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How Small-scale Farmers Can Save Africa's Degraded Lands

How Small-scale Farmers Can Save Africa's Degraded Lands

As Earth Day approaches, we want to celebrate hopeful stories such as the restoration of landscapes that have been degraded, and the many benefits this can provide for people, nature, and the climate.

Here is one such story from World Resources Institute:

Sadik Ibn Abdulai watched as overgrazing and unsustainable agricultural methods turned his family’s farmland in northern Ghana from lush fields to desert. He turned tragedy into triumph by starting Tilaa Ltd., a small business that helps women small-scale farmers grow resilient cashew trees and cultivate beehives beneath their shady canopies. The trees revitalize depleted soil, cool the air, and hold moisture in the ground, while the nut and honey harvests provide the farmers with steady incomes.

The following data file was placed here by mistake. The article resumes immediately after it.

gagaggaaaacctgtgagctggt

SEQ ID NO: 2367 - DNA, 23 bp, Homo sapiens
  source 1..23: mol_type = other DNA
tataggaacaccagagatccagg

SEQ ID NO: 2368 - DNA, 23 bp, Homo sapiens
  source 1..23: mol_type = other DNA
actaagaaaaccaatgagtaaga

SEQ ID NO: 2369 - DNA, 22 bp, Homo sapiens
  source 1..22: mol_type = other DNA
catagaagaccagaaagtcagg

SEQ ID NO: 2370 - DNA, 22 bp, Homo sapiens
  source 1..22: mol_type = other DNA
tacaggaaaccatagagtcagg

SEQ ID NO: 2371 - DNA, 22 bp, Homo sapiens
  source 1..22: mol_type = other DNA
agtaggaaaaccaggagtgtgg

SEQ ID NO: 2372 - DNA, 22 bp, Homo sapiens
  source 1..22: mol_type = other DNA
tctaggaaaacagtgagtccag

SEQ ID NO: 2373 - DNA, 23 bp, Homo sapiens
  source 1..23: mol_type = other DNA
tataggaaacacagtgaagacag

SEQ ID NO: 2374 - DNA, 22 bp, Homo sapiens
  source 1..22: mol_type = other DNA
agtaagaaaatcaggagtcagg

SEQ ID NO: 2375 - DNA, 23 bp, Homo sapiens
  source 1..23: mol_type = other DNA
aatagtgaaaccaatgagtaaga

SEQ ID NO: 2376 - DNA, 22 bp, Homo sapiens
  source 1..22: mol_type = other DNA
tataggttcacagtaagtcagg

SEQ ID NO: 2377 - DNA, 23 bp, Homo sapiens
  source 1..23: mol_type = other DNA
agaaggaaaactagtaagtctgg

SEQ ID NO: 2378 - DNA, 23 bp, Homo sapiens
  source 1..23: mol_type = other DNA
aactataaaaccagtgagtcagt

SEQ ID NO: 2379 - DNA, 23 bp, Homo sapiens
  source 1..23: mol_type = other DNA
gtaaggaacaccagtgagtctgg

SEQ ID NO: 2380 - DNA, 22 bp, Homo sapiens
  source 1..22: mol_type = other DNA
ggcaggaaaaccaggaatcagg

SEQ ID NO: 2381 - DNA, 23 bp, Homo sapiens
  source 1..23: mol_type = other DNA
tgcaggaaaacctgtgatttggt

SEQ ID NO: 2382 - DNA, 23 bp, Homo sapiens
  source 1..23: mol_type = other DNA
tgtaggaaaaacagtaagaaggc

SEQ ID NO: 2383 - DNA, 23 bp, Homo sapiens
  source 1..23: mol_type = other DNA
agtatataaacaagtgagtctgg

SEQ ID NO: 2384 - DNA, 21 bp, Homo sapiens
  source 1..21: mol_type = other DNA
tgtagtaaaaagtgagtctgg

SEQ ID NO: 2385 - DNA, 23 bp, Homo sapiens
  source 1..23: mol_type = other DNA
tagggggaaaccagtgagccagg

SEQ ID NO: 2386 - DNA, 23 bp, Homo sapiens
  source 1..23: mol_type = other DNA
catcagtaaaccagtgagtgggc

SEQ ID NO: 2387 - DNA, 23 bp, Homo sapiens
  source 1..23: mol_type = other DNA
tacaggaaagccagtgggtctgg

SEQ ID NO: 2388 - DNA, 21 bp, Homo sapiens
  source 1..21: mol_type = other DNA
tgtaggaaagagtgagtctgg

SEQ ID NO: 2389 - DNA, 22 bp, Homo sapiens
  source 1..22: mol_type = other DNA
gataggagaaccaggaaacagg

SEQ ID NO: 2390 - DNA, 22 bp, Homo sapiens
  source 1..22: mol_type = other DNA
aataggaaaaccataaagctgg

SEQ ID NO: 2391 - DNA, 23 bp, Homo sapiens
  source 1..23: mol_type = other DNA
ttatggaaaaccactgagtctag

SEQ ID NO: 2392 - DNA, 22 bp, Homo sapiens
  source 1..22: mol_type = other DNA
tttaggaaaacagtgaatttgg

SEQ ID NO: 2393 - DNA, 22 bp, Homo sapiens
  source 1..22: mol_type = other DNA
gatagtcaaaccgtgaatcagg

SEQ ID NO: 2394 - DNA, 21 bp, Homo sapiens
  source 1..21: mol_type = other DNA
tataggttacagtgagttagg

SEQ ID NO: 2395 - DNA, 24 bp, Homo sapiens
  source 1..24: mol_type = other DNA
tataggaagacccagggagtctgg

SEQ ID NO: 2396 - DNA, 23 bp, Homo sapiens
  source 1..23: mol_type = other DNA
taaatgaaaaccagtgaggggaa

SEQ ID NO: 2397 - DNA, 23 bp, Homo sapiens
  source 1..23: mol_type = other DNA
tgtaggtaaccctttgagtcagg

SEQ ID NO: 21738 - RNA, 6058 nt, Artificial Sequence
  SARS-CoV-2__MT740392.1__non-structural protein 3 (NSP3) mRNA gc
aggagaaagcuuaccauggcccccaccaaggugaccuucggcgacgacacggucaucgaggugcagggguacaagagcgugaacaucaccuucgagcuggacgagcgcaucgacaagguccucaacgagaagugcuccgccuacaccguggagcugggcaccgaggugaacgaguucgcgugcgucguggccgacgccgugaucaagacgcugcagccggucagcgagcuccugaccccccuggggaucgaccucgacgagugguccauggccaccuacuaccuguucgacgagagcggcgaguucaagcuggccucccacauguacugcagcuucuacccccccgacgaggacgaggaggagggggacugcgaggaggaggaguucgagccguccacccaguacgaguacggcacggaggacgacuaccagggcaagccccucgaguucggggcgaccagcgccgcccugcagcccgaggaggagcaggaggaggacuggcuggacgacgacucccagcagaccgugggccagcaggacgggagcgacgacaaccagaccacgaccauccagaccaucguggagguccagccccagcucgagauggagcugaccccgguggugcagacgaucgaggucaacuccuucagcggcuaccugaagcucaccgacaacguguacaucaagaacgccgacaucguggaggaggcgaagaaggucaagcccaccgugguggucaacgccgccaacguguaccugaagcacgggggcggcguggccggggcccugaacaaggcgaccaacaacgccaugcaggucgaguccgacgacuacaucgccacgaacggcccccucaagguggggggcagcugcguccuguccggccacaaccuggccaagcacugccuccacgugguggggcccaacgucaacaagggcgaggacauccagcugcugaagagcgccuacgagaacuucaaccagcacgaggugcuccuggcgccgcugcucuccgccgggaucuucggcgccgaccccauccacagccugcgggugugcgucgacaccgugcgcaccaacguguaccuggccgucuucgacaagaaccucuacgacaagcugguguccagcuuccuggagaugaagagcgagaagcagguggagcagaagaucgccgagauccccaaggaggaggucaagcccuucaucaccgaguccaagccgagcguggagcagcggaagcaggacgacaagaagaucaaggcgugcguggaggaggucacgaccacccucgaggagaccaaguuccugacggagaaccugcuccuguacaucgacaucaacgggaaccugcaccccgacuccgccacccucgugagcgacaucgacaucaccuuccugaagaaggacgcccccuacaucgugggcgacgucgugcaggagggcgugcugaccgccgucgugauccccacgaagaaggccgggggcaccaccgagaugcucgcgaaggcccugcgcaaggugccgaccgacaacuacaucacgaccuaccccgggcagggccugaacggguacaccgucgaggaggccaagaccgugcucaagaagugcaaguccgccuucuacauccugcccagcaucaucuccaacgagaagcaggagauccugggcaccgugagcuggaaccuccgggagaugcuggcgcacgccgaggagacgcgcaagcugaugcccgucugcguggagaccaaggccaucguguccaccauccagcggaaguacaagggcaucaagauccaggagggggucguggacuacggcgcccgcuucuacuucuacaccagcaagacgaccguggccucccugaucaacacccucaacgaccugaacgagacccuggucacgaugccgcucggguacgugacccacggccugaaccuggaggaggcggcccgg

Sadik’s story isn’t just a heartwarming tale about improving his little corner of the world. Small, locally-led projects like Sadik’s are exactly what is needed to overcome Africa’s triple crises of climate change, ecosystem degradation, and poverty.  Read more here.

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